Quadrant Spring 1986

Quadrant: The Journal of the C.G. Jung Foundation

Fear of the Feminine — Erich Neumann

The essence and formation of fear can be grasped only when we understand the importance of the primal relationship to the mother in the entire range of its implications. During the first year of life, what we will call the “embryonic year,” the child lives psychologically “in” the mother, as it did physically before its birth. The interpersonal relationship with the mother — and the collective to which she belongs — have an essential psychic and cultural influence which overrides the biological factor. The child, “contained” in the mother even after its birth, is totally dependent on her positive elementary character. Only after the first year can the infant begin to have relative ego stability, freedom of movement, intelligence, etc. and thus a certain independence. …

Anger As Inner Transformation — Stephen A. Martin

The importance of anger for the psyche, especially as a fearful experience capable of destroying the forward movement of life, is no new discovery. The Latin scholars and poets Seneca and Plutarch wrote extensively on anger. In more recent times, Averill reports that about 90 years ago the eminent American psychologist G. S. Hall collated from his research on emotion some 2200 descriptions of angry states. Today the various schools of psychology are busy dissecting anger and counseling how to deal with it, how to get rid of it, and how to use it. Given that anger is a basic, human experience, it is time for a Jungian assessment and an appreciation of anger's vital role in the process of inner transformation called individuation. …

The Healing Nightmare: A Study of the War Dreams of Vietnam Combat Veterans — Harry A. Wilmer

It seems to most of us that Vietnam was a long time ago, that it is past history. It is not. It still lives in the nightmares of combat veterans and the collective unconscious of us all. It is an illusion to declare that the Vietnam Syndrome is over. Denial never killed anything. …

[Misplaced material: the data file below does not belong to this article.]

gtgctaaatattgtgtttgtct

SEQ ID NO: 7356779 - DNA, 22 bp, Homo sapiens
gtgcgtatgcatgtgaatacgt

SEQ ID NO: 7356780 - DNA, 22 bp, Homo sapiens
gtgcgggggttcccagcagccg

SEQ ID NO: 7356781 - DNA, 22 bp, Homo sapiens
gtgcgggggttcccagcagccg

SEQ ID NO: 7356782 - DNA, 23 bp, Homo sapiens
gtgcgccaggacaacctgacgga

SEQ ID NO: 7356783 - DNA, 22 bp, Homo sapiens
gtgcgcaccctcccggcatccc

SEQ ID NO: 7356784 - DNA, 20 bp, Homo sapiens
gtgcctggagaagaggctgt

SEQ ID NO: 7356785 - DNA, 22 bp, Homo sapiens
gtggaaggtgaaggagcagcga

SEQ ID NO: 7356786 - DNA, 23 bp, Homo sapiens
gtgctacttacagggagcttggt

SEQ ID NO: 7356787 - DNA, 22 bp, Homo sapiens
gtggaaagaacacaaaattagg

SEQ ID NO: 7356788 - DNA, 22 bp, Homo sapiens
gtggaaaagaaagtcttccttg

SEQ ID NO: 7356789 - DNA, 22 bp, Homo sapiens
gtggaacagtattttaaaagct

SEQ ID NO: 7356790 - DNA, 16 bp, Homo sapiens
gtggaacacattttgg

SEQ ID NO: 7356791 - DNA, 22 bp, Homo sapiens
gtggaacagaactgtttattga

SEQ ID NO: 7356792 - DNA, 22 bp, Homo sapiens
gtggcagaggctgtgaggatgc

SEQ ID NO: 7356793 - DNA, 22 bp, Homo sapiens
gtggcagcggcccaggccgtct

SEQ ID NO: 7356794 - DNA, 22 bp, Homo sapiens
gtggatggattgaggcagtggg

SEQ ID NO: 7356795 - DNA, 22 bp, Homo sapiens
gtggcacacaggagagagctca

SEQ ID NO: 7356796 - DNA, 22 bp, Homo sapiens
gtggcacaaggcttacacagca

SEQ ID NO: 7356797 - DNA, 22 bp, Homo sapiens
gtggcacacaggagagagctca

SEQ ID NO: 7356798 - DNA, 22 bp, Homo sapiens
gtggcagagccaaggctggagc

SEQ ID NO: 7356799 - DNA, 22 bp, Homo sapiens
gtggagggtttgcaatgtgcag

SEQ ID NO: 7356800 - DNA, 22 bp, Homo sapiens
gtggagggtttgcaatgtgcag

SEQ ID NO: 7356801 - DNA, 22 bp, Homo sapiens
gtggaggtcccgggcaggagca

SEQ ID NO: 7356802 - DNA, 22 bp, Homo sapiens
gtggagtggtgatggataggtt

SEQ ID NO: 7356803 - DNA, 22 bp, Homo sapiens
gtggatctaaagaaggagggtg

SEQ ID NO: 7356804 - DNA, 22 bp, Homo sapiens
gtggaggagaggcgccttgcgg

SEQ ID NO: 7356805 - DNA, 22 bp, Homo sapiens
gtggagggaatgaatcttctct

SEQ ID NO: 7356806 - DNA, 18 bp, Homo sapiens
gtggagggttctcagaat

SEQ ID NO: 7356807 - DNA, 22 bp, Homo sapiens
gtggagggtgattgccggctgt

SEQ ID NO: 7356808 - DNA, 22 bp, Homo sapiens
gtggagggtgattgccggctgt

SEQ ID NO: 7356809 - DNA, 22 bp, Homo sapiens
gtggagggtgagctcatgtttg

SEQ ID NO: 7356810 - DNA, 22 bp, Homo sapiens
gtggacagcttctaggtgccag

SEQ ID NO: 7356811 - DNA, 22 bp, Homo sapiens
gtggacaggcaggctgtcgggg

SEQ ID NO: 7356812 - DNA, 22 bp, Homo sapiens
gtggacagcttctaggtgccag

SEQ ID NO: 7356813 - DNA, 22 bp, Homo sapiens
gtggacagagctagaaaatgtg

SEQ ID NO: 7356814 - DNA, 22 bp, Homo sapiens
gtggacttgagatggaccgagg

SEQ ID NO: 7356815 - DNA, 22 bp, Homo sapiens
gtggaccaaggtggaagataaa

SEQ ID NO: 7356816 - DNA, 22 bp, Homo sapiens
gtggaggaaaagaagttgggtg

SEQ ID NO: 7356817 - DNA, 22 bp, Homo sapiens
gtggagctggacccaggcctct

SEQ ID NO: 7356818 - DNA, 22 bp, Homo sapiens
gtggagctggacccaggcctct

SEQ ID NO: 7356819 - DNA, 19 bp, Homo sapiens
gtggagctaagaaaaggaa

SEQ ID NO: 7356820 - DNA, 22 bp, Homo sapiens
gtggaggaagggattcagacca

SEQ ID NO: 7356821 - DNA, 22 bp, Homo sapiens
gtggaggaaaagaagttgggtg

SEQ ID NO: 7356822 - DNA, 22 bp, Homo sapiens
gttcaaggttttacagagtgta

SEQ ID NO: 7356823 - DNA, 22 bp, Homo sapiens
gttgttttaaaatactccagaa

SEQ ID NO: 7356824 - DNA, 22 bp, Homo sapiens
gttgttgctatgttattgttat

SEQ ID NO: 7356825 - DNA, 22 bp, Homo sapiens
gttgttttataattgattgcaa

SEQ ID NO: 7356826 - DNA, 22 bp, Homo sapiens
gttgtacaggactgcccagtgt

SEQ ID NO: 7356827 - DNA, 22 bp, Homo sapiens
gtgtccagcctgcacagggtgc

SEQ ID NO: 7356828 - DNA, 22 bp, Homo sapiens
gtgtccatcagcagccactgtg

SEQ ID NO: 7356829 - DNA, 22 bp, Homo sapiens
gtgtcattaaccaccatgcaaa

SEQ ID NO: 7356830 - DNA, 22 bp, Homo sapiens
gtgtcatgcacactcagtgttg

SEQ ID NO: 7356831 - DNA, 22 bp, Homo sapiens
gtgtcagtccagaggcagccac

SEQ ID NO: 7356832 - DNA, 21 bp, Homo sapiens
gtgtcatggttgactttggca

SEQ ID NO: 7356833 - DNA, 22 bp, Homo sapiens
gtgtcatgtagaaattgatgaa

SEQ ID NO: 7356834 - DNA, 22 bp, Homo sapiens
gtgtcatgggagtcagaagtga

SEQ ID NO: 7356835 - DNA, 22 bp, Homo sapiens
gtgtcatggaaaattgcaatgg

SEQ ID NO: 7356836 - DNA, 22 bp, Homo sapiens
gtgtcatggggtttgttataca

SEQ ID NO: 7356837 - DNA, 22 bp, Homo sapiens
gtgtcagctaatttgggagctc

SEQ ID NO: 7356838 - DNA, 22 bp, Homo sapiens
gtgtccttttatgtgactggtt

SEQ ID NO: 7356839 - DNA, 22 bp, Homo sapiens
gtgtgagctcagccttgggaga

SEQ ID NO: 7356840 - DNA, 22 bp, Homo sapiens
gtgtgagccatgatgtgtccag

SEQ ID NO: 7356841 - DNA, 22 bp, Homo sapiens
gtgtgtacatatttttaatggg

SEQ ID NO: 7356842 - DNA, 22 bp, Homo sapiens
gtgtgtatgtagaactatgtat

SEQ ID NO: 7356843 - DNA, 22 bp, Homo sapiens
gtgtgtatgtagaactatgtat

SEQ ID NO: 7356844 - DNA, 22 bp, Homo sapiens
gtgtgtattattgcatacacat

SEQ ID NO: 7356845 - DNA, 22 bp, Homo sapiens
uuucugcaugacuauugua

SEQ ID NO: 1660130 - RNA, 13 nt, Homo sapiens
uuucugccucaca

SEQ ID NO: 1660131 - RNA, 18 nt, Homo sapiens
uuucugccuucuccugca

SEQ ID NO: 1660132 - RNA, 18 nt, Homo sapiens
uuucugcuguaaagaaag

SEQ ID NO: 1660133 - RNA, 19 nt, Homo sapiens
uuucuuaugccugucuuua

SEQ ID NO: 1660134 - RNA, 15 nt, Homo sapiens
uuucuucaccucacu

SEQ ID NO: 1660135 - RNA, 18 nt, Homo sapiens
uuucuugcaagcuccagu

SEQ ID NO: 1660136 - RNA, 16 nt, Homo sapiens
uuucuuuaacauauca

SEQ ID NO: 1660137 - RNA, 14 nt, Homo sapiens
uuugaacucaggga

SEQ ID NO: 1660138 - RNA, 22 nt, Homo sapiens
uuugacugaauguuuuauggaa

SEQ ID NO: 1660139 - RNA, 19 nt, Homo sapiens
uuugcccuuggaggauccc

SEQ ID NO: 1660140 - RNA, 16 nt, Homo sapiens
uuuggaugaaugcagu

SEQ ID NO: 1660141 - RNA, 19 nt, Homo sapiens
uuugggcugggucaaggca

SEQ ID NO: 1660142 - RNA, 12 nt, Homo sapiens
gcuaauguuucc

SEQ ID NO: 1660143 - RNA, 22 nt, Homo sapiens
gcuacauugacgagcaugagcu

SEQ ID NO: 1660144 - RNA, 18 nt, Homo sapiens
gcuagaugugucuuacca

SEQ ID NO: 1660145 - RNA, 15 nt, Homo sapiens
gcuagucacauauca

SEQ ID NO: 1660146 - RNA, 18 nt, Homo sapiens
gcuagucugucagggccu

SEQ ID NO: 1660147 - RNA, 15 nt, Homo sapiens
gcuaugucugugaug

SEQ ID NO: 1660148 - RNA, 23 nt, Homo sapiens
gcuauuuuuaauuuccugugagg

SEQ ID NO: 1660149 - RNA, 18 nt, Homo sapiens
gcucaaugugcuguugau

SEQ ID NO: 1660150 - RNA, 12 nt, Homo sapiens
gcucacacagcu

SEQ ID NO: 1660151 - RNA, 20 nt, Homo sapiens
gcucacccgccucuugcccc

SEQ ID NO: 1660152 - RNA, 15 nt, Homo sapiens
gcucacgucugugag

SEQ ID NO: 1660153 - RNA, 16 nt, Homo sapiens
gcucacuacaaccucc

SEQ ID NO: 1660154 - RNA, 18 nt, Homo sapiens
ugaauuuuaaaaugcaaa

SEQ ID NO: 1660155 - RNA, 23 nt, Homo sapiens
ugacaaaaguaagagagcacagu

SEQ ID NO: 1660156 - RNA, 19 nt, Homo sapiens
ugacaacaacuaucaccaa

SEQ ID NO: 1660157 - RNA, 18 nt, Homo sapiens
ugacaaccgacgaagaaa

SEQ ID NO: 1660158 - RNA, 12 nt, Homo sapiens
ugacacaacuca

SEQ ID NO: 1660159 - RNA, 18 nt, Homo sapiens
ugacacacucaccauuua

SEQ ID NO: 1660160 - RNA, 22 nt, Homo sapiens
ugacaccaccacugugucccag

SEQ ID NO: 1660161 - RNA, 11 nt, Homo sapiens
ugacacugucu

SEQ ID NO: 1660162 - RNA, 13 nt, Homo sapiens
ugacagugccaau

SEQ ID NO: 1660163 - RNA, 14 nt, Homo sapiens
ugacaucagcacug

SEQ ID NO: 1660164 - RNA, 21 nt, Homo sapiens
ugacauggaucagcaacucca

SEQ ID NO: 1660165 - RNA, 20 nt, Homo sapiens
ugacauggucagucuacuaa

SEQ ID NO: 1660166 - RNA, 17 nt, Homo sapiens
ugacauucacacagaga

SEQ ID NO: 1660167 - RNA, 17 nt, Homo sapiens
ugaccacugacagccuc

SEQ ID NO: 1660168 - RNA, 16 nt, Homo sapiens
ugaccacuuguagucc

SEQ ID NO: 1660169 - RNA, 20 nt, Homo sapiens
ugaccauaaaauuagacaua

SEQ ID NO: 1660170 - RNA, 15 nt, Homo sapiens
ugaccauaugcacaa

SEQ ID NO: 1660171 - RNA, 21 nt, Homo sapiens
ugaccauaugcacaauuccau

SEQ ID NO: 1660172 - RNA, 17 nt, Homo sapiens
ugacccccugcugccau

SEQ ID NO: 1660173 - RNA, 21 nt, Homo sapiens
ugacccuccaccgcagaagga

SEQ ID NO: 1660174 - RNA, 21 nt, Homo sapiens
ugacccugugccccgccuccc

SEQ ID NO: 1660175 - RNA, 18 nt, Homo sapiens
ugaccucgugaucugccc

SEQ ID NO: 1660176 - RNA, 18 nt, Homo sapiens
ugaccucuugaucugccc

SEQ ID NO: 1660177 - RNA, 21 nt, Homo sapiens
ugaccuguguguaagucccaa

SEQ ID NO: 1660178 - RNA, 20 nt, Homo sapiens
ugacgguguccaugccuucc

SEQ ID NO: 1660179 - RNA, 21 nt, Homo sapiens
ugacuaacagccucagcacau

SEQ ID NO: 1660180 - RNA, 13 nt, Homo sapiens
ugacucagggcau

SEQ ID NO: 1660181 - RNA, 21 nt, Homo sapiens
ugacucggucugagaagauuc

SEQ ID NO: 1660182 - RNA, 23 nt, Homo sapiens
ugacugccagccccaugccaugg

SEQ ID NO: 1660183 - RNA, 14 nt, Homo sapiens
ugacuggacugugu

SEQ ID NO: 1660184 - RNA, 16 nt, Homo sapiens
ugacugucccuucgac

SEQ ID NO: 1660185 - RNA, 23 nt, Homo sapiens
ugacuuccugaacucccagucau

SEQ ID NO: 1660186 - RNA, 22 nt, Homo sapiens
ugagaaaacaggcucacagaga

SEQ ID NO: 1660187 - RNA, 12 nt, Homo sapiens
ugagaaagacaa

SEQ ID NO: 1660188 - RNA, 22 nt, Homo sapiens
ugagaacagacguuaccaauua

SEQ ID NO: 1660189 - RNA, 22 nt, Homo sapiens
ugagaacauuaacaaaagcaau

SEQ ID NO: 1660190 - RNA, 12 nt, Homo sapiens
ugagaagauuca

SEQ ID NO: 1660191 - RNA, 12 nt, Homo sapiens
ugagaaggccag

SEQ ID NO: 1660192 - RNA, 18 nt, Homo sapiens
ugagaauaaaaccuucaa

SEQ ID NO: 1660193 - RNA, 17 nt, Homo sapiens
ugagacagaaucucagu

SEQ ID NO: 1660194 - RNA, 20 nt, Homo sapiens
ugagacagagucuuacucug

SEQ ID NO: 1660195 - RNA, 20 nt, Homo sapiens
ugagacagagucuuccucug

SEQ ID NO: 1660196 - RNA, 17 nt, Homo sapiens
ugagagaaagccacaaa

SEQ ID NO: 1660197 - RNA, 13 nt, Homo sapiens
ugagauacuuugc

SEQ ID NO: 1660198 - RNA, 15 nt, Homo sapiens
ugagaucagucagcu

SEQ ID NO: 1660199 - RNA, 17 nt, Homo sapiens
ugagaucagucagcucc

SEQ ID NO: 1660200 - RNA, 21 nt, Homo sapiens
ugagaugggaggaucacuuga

Book Reviews

The Analytic Encounter: Transference and Human Relationships— Mario Jacoby. Toronto: Inner City Books. 1984. Reviewed by Donald E. Kalsched.

Feminist Archetypal Theory: Interdisciplinary Revisions of Jungian Thought. Edited, with an introduction and a theoretical conclusion by Estella Lauter and Carol Rupprecht. Knoxville: The University of Tennessee Press. 1985. Reviewed by Patricia Finley.

Brain and Psyche: The Biology of the Unconscious— Jonathan Winson. New York: Anchor Press/Doubleday. 1985. Reviewed by Sherry L. Salman.

The Psychology of C. G. Jung, Vol. I: The Unconscious in its Empirical Manifestations; With Special Reference to the Word Association Experiments of C. G. Jung— C. A. Meier. Translated by Eugene Rolfe. Boston: Sigo Press. 1984. Reviewed by Alan M. Jones.

The Kabbala— Dr. Erich Bischoff. York Beach, Maine: Samuel Weiser, Inc. 1985. Reviewed by Barbara Koltuv.

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